MADISON - Bills from a bipartisan coalition of lawmakers are aimed at improving Wisconsin's water quality, especially when it comes to nitrate and salt pollution.
Sen. Rob Cowles, R-Green Bay, is an author on two of the bills: one expanding the program that helps residents replace contaminated private wells, and another that helps watershed groups address pollution.
He said it's important to address Wisconsin's water quality issues and ensure that the state's waters are healthy for drinking and recreation. He said the well compensation bill and the producer-led watershed bills are looking at the "big picture" of water issues.
"If we get these done, we're making some progress in an area that needs progress," he said.
Another bill, targeting the amount of road salt entering bodies of water, was authored by Sen. André Jacque, R- De Pere.
The bills have bipartisan support from Republicans and Democrats alike, who are hoping to see water quality issues addressed, after the bill targeting the well compensation program and the watershed bills died in previous sessions.
Here's what the bills would change.
Preventing Wisconsin's freshwater from getting saltier
One bill aims to protect water quality by curbing the amount of road salt washing into Wisconsin waters.
Jacque proposed a voluntary certification program in which private companies that apply de-icing salt could learn best practices for clearing snow and ice without causing harm to rivers, lakes and streams. Once certified, they — and the businesses they contract with — would be shielded from slip-and-fall lawsuits resulting from ice and snow.
Salt has long been used to reduce slippery road conditions in Wisconsin and other states with chilly winters, but awareness is growing about the harmful impacts of too much of it ending up in freshwater.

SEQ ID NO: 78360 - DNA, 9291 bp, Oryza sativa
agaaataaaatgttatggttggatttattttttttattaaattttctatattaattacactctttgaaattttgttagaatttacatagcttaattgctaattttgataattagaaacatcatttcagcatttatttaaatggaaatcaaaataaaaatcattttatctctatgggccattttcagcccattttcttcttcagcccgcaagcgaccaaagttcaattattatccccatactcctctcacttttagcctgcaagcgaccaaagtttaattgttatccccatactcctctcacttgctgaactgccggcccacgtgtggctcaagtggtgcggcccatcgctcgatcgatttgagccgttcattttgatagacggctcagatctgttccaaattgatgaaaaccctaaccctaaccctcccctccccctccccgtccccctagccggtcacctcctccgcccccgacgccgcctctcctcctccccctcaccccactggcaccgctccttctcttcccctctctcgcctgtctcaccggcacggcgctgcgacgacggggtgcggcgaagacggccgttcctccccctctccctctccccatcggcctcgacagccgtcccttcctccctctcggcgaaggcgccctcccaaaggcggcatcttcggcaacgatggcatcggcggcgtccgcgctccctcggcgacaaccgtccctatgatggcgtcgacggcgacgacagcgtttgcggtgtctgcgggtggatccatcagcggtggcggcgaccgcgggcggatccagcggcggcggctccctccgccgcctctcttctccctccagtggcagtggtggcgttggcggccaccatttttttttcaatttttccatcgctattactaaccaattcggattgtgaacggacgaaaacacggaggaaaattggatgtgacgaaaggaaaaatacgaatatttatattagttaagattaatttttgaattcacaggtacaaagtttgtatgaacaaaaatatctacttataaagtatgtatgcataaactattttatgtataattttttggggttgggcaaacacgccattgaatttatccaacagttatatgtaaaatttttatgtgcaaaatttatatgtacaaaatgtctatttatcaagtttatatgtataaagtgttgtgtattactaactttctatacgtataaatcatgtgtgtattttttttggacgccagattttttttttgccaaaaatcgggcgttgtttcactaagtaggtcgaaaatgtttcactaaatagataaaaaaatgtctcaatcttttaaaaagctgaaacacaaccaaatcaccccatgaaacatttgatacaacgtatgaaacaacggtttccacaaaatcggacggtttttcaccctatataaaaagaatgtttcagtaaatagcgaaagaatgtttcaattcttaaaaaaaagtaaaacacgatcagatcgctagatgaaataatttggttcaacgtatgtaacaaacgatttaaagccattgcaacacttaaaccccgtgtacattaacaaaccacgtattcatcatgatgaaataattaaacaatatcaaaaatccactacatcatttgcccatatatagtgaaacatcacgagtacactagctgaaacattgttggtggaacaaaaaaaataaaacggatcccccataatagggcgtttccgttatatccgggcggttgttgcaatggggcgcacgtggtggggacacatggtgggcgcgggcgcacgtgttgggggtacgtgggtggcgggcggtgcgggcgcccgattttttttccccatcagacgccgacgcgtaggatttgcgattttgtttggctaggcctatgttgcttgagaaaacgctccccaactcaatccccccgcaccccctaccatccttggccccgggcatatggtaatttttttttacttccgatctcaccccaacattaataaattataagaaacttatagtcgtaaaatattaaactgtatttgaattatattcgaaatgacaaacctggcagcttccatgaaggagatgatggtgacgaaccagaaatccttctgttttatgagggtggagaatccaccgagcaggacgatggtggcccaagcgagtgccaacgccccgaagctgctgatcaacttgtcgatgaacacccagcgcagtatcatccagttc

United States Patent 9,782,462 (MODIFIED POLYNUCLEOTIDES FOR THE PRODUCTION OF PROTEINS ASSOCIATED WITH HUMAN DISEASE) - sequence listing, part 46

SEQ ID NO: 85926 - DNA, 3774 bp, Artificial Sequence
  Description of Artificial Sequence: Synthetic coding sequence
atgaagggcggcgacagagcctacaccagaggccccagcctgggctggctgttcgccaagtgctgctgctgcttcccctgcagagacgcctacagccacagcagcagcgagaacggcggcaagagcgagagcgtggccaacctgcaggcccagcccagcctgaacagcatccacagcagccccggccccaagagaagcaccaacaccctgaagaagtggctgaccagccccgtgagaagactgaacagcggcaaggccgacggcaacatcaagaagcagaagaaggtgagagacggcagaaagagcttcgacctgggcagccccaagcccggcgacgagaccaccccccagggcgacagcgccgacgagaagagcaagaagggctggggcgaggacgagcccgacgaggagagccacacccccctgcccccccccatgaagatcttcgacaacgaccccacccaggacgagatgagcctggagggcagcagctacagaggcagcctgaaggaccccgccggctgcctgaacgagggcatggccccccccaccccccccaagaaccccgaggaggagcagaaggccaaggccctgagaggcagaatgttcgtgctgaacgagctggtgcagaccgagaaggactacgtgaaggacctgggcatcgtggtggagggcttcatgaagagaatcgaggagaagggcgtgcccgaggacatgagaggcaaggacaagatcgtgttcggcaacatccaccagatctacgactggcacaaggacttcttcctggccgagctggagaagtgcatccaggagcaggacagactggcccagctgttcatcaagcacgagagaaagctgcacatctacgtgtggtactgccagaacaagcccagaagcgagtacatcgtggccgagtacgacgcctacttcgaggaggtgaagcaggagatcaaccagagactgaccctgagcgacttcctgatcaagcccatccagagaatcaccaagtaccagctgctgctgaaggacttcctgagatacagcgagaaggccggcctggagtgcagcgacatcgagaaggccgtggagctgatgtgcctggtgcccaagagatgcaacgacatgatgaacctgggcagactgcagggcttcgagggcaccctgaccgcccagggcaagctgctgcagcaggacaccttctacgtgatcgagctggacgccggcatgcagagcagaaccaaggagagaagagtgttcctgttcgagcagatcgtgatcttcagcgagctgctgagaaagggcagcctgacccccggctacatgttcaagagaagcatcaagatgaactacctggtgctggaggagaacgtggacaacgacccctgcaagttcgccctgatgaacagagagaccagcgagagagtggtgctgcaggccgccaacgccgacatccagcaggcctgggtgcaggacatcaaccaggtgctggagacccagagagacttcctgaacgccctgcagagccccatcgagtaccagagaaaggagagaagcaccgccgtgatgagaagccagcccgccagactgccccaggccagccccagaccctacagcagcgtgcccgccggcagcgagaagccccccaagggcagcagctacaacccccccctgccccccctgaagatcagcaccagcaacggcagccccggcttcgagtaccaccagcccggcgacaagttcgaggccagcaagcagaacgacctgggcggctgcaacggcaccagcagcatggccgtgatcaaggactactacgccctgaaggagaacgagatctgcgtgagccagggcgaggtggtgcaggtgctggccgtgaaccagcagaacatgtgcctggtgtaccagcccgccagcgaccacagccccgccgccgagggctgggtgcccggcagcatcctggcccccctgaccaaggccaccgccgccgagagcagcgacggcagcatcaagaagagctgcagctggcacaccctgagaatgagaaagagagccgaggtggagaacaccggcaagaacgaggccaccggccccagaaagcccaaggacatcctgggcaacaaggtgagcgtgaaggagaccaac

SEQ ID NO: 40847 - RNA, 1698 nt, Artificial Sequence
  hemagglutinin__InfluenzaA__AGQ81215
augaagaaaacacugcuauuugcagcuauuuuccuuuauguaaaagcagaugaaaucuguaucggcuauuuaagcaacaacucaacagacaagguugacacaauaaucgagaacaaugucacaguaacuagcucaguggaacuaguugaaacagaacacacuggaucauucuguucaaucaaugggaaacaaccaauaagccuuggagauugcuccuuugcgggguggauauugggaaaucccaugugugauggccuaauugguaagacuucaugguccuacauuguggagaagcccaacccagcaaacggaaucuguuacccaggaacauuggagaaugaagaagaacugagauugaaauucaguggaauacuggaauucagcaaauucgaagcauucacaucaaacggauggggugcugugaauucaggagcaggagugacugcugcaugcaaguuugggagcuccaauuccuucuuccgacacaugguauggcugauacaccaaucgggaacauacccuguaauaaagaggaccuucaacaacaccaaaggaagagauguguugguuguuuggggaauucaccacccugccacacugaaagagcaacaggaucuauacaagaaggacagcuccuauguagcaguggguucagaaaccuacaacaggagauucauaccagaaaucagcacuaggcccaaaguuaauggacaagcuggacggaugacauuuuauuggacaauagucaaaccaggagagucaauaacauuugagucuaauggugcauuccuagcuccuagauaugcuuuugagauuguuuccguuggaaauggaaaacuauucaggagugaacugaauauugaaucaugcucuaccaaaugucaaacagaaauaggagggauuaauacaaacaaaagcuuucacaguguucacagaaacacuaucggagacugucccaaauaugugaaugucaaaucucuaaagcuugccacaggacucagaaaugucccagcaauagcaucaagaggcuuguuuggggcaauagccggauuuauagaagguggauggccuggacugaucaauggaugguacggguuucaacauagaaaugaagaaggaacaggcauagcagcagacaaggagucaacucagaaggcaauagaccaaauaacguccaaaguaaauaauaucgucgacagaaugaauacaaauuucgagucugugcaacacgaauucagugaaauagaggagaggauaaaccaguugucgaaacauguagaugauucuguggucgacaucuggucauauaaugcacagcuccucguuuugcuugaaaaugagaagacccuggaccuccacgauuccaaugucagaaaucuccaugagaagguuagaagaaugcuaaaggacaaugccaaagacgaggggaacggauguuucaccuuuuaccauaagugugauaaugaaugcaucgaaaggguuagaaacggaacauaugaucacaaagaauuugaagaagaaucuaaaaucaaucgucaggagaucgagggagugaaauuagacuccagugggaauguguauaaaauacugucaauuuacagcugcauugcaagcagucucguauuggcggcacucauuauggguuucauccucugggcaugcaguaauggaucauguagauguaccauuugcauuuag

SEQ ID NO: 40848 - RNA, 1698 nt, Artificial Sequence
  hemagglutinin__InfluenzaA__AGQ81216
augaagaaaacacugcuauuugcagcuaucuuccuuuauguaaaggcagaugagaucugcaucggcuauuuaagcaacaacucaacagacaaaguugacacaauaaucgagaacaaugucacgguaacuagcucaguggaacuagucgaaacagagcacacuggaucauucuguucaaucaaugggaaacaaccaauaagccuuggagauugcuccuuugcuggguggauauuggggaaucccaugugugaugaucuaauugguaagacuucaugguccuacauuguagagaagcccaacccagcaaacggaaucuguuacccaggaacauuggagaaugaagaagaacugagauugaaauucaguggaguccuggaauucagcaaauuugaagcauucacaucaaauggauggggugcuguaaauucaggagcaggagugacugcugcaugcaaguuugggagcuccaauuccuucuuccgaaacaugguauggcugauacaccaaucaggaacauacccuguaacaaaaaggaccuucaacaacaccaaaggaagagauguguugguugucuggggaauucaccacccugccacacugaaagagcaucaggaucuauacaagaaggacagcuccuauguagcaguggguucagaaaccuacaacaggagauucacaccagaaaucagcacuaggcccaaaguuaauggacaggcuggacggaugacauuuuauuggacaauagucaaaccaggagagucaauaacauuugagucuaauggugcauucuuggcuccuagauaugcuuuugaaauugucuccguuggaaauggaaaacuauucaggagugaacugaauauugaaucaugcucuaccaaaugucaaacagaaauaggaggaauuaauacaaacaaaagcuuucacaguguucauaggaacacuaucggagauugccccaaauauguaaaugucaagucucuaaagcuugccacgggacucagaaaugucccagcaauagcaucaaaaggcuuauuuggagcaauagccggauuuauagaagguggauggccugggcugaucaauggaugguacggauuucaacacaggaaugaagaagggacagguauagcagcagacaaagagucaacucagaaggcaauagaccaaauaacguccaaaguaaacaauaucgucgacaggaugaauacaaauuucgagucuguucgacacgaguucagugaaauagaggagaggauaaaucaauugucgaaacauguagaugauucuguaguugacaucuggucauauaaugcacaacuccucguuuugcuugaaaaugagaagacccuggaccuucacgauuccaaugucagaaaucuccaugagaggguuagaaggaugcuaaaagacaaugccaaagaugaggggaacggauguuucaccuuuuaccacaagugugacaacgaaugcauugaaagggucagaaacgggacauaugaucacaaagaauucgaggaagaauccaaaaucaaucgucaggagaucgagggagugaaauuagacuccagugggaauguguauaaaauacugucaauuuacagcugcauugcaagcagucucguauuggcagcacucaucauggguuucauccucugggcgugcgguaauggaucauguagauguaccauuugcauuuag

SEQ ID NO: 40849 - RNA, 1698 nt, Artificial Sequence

In toxic amounts, it can kill aquatic plants and animals, corrode pipes and make drinking water taste salty. Fifty-one rivers and one lake in Wisconsin are considered chronically impaired by chloride, one of the elements that make up salt, according to DNR data. And even in those that aren’t yet impaired, the pollutant is building up. Lake Michigan, for example, has become nearly eight times saltier than it was in the 1800s, according to a 2021 study.
In a December internal report, DNR staff wrote that Wisconsin is on an “unsustainable” path of road salt usage. Advocates say that understanding more about how much salt to use and when to use it can go a long way to fixing the problem. For example, just one coffee mug of salt can adequately de-ice a 20-foot driveway or 10 sidewalk squares.
“Our freshwater is a selling point for our communities and we need to keep it that way, because once salt enters a watershed it’s hard to remove it,” Jacque told the Journal Sentinel.